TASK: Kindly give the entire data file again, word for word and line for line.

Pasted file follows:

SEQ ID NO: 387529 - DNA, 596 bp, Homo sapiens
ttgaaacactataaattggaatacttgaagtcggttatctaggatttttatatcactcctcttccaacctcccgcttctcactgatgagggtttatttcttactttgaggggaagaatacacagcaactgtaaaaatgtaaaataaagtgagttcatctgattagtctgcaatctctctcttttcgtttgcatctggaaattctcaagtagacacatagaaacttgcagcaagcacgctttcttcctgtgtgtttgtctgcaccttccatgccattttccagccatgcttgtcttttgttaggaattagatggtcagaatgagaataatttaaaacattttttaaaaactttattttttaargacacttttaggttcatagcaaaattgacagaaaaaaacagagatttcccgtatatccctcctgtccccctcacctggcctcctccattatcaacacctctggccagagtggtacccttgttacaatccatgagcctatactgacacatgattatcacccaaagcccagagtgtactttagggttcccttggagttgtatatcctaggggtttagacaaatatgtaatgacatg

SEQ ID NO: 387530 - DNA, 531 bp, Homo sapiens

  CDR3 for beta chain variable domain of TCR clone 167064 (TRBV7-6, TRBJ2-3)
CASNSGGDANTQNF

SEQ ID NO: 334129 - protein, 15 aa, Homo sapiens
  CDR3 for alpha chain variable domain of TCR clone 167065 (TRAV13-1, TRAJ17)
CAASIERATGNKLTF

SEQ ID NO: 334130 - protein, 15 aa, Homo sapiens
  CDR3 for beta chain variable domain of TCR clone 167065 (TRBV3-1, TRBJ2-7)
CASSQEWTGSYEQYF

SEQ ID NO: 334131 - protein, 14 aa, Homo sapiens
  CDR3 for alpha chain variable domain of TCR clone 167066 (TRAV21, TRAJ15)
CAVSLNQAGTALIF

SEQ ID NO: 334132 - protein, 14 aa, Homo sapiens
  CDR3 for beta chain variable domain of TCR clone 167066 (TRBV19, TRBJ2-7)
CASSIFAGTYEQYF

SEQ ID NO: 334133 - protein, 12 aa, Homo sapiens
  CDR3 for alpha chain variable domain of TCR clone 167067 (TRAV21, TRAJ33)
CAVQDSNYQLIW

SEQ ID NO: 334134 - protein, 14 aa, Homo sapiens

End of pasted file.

SEQ ID NO: 387529 - DNA, 596 bp, Homo sapiens
ttgaaacactataaattggaatacttgaagtcggttatctaggatttttatatcactcctcttccaacctcccgcttctcactgatgagggtttatttcttactttgaggggaagaatacacagcaactgtaaaaatgtaaaataaagtgagttcatctgattagtctgcaatctctctcttttcgtttgcatctggaaattctcaagtagacacatagaaacttgcagcaagcacgctttcttcctgtgtgtttgtctgcaccttccatgccattttccagccatgcttgtcttttgttaggaattagatggtcagaatgagaataatttaaaacattttttaaaaactttattttttaargacacttttaggttcatagcaaaattgacagaaaaaaacagagatttcccgtatatccctcctgtccccctcacctggcctcctccattatcaacacctctggccagagtggtacccttgttacaatccatgagcctatactgacacatgattatcacccaaagcccagagtgtactttagggttcccttggagttgtatatcctaggggtttagacaaatatgtaatgacatg

SEQ ID NO: 387530 - DNA, 531 bp, Homo sapiens

  CDR3 for beta chain variable domain of TCR clone 167064 (TRBV7-6, TRBJ2-3)
CASNSGGDANTQNF

SEQ ID NO: 334129 - protein, 15 aa, Homo sapiens
  CDR3 for alpha chain variable domain of TCR clone 167065 (TRAV13-1, TRAJ17)
CAASIERATGNKLTF

SEQ ID NO: 334130 - protein, 15 aa, Homo sapiens
  CDR3 for beta chain variable domain of TCR clone 167065 (TRBV3-1, TRBJ2-7)
CASSQEWTGSYEQYF

SEQ ID NO: 334131 - protein, 14 aa, Homo sapiens
  CDR3 for alpha chain variable domain of TCR clone 167066 (TRAV21, TRAJ15)
CAVSLNQAGTALIF

SEQ ID NO: 334132 - protein, 14 aa, Homo sapiens
  CDR3 for beta chain variable domain of TCR clone 167066 (TRBV19, TRBJ2-7)
CASSIFAGTYEQYF

SEQ ID NO: 334133 - protein, 12 aa, Homo sapiens
  CDR3 for alpha chain variable domain of TCR clone 167067 (TRAV21, TRAJ33)
CAVQDSNYQLIW

SEQ ID NO: 334134 - protein, 14 aa, Homo sapiens